Ernest Wolmarans
2 minute read
20 Mar 2014
7:30 am

Infrastructure is a ‘good story’ with gaps

Ernest Wolmarans

South Africa has a good story to tell in terms of infrastructure development over the last 20 years – but this story remains incomplete and the gaps must be filled for the story to continue for future generations.

FILE PICTURE: Malusi Gigaba. Picture Nigel Sibanda

This is according to Minister of Public Enterprises Malusi Gigaba, who was addressing the challenges faced by the country in terms of critical infrastructure in a public lecture presented at the University of Johannesburg on Tuesday.

He said R328 billion had been spent on infrastructure nationally over the past three years, with an additional R95 billion earmarked for infrastructure development in the current financial year.

By 2020, capital investment in infrastructure will account for an additional 11 000MW to the national power grid, 6 500km of transitional network cabling to expand electrical reach and 13 000km of fibre optic cabling to boost broadband coverage.

The country has a relatively low economic growth rate of less than 2% and industrialisation was the key to heighten the average, he said.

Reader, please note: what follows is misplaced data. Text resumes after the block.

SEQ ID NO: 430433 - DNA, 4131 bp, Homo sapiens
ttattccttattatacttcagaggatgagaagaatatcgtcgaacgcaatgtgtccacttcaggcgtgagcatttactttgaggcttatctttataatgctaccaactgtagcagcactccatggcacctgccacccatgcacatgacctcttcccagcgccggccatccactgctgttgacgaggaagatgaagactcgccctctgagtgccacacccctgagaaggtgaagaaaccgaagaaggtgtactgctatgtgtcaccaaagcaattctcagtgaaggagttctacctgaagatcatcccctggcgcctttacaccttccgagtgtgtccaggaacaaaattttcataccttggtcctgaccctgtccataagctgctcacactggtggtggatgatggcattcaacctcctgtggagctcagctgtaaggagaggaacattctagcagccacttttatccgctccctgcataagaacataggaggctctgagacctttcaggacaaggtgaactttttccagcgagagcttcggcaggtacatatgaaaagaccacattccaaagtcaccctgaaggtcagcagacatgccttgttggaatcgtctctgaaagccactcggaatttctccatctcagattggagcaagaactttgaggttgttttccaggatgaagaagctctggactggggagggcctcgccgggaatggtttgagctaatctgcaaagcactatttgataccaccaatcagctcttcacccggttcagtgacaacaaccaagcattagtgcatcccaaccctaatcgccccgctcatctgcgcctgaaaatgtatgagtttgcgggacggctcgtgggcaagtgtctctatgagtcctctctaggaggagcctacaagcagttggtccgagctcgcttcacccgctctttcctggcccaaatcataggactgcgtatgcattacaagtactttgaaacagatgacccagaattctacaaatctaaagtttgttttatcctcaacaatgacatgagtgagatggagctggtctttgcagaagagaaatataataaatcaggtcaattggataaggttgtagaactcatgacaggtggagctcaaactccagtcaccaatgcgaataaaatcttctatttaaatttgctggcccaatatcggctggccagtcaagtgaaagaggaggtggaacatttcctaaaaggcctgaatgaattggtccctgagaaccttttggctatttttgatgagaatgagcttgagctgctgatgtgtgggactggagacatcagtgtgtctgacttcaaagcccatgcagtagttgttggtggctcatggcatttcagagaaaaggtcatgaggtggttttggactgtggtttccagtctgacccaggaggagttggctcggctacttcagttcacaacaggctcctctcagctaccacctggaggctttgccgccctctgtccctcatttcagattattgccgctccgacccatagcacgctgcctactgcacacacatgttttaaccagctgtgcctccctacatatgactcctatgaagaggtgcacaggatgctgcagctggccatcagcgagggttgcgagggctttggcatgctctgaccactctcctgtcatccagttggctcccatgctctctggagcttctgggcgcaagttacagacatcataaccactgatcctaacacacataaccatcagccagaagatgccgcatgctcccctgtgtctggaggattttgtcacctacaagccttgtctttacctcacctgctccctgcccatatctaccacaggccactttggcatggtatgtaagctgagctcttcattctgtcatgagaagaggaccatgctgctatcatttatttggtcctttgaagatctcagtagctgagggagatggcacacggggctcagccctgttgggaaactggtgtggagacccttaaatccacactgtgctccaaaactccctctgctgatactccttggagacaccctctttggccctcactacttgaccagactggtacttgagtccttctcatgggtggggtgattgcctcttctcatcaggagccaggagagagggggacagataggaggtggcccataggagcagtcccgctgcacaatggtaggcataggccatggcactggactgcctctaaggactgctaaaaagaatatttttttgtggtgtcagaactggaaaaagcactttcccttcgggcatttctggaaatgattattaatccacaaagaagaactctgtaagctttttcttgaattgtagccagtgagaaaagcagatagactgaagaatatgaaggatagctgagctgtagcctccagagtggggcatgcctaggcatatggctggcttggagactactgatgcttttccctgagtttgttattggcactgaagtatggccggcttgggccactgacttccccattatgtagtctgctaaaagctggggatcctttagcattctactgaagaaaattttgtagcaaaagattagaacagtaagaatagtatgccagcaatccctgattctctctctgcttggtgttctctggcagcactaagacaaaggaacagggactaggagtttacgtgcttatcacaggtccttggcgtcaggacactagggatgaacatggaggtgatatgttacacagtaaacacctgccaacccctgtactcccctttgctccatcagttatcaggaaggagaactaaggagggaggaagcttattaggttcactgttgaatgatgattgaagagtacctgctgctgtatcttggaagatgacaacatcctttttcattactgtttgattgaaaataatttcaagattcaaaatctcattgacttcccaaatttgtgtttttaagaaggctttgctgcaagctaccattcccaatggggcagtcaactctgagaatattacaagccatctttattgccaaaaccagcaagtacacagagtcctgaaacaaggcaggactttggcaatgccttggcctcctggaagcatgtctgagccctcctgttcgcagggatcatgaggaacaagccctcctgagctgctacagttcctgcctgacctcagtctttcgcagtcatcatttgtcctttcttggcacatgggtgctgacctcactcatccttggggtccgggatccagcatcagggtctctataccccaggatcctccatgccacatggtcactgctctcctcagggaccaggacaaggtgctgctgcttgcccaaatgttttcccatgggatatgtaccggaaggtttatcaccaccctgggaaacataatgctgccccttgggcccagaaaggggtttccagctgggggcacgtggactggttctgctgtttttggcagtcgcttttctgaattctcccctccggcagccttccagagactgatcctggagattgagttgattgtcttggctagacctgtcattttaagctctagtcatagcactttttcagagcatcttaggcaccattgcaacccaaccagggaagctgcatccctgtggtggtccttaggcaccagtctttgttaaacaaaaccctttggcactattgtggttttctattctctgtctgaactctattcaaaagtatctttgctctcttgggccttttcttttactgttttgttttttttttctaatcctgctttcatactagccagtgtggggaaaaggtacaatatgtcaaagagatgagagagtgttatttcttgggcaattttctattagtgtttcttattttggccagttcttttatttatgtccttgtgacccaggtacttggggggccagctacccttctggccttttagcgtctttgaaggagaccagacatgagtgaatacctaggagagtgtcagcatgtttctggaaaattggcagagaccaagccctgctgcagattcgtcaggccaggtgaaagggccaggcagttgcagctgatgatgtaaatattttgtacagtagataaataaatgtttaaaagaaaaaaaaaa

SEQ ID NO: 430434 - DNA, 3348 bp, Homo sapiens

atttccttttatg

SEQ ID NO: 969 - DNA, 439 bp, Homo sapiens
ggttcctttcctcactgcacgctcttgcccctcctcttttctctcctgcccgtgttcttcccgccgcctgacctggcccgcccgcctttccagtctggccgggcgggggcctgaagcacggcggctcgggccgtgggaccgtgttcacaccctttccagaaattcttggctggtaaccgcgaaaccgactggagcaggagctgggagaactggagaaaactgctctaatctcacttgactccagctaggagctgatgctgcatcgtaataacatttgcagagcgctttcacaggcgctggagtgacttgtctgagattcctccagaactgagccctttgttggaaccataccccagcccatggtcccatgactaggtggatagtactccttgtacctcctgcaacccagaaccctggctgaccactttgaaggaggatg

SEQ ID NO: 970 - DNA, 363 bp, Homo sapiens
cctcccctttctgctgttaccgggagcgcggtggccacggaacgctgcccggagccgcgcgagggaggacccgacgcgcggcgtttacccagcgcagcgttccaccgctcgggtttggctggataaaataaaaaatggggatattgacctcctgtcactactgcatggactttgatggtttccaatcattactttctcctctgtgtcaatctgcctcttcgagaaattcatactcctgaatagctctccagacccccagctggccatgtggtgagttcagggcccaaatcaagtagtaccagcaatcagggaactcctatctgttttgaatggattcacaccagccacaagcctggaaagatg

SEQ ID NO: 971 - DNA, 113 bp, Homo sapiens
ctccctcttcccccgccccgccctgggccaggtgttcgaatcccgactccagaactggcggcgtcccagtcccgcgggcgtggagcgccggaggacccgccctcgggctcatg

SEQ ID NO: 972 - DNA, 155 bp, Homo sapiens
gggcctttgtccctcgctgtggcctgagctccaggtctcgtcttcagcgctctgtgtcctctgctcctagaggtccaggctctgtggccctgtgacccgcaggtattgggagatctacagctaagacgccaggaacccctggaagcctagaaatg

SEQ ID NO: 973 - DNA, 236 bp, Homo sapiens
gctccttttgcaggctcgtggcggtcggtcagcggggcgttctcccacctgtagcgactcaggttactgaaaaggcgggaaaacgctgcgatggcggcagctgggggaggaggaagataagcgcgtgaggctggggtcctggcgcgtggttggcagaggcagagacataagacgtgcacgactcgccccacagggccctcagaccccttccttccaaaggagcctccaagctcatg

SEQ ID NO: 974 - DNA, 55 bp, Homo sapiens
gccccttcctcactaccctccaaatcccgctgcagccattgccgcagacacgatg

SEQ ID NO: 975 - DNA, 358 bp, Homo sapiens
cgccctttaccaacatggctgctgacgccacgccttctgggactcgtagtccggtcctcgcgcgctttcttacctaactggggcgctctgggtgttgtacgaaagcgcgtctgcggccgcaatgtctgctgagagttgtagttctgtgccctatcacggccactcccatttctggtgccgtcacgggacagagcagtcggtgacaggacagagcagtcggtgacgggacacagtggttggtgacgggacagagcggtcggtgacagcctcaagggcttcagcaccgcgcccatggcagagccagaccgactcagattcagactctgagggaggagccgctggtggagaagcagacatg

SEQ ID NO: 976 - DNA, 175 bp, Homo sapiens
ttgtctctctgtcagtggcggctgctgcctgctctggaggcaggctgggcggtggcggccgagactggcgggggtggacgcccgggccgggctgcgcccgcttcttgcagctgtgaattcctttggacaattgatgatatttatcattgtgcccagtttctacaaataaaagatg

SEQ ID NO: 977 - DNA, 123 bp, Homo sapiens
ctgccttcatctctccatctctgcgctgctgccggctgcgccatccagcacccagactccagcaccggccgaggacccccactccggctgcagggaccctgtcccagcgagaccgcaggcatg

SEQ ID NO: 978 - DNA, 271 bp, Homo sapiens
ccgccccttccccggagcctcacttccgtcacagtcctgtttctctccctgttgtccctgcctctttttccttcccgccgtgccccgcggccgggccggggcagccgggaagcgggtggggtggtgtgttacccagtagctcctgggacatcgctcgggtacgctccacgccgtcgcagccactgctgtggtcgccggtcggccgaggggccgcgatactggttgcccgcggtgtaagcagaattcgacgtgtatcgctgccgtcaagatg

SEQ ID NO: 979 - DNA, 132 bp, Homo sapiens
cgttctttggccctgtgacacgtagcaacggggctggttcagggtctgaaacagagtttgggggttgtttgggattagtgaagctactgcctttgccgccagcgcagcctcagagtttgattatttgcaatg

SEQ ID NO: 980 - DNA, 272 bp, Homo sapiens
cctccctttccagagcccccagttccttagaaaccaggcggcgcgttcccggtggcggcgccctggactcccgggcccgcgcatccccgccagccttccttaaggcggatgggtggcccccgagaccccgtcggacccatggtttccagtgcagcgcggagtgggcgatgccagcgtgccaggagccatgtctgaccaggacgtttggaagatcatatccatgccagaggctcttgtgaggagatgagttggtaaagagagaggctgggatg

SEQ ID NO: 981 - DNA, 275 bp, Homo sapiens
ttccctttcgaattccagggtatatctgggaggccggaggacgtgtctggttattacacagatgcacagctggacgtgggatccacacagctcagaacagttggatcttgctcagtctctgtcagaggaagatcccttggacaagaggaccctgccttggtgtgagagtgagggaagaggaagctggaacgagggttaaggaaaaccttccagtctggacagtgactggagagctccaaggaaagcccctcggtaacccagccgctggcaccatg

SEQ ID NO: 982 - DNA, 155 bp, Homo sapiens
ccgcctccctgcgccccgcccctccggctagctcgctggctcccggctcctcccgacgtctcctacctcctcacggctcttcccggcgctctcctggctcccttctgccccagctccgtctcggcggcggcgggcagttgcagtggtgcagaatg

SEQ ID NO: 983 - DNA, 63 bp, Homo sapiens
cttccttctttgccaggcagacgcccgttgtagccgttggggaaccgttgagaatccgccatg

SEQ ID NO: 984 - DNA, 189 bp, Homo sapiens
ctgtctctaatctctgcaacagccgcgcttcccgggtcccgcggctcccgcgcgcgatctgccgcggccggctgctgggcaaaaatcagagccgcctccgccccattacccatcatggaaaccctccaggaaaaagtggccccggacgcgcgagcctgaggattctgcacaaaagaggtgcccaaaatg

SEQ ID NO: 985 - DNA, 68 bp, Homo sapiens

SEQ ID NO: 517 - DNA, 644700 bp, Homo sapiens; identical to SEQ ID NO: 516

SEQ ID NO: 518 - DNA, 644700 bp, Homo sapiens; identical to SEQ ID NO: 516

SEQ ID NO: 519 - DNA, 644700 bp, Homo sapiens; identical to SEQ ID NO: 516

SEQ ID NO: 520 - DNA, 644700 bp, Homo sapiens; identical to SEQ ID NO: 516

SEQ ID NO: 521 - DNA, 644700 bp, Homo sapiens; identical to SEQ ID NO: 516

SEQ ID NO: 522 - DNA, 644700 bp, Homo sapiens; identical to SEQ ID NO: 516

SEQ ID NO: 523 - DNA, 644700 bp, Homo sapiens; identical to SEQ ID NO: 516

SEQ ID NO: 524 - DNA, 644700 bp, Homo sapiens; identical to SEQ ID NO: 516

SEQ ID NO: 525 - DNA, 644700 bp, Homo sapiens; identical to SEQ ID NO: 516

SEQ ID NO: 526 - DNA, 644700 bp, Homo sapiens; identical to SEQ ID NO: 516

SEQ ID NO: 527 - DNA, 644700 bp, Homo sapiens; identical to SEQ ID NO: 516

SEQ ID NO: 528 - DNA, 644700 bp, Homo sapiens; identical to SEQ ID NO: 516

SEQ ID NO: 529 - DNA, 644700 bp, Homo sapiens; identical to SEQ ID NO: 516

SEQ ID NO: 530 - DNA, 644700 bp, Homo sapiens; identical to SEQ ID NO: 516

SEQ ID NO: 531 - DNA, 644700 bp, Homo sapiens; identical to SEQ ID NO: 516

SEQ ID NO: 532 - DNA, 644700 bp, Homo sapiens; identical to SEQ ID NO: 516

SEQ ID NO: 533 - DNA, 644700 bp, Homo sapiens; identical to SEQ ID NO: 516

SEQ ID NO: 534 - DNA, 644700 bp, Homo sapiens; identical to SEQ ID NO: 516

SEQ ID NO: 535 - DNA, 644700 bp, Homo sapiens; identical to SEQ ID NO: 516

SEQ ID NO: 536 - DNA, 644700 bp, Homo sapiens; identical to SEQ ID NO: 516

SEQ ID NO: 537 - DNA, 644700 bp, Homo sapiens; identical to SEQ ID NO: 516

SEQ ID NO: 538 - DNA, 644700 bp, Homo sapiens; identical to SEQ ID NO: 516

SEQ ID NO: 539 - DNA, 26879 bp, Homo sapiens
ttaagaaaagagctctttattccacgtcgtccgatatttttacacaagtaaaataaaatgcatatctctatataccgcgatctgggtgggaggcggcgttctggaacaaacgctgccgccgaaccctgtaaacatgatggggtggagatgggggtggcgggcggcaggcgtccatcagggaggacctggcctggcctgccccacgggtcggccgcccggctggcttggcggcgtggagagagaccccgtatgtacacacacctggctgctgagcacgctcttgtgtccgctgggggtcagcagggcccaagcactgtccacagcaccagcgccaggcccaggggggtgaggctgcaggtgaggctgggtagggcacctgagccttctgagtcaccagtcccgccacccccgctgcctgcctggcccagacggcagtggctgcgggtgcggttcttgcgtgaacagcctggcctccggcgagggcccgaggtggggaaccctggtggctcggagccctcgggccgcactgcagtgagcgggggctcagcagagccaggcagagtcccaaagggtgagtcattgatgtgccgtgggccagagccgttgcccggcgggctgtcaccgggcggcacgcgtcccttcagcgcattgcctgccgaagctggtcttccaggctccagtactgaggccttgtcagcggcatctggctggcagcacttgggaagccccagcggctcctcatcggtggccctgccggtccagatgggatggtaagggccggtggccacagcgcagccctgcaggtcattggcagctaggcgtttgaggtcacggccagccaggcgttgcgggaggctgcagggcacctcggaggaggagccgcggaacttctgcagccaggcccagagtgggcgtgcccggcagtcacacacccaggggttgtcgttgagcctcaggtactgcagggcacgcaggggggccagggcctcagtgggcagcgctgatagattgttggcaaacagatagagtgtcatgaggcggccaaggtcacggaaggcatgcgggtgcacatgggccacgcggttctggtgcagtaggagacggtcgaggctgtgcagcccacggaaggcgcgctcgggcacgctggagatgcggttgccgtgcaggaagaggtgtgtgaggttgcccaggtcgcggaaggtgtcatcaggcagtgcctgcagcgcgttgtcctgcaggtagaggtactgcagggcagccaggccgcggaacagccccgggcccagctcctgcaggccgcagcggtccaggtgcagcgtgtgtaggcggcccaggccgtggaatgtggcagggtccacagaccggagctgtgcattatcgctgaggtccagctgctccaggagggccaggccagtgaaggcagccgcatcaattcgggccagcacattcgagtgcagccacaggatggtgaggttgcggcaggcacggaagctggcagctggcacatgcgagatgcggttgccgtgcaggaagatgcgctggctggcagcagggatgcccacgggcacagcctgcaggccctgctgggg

This would be achieved through government’s National Development Plan (NDP), a long-term guide towards economic transformation, which adopted an integrated approach to infrastructure development.

A request by Transnet to develop capacity at Durban’s port terminal, for example, would not be looked at in isolation, he said.

“If the request was to increase the number of import and export containers the port was capable of handling, we would also look at the N3 highway to see if it could handle increased traffic volumes,” Gigaba said.

Rail infrastructure to and from the port would also be considered in the hypothetical example, as would the implementation of logistical hubs in Harrismith, midway between Durban and Johannesburg, to improve logistical efficiency and drive down costs.

“Every project must be viewed in the context of the broader impacts it will have on the economy and infrastructure needs across several provinces, rather than only on the province directly affected by the development.

“Ultimately we want to look back at development and positively answer the question of whether it empowered citizens to become active contributors to the economy,” Gigaba said.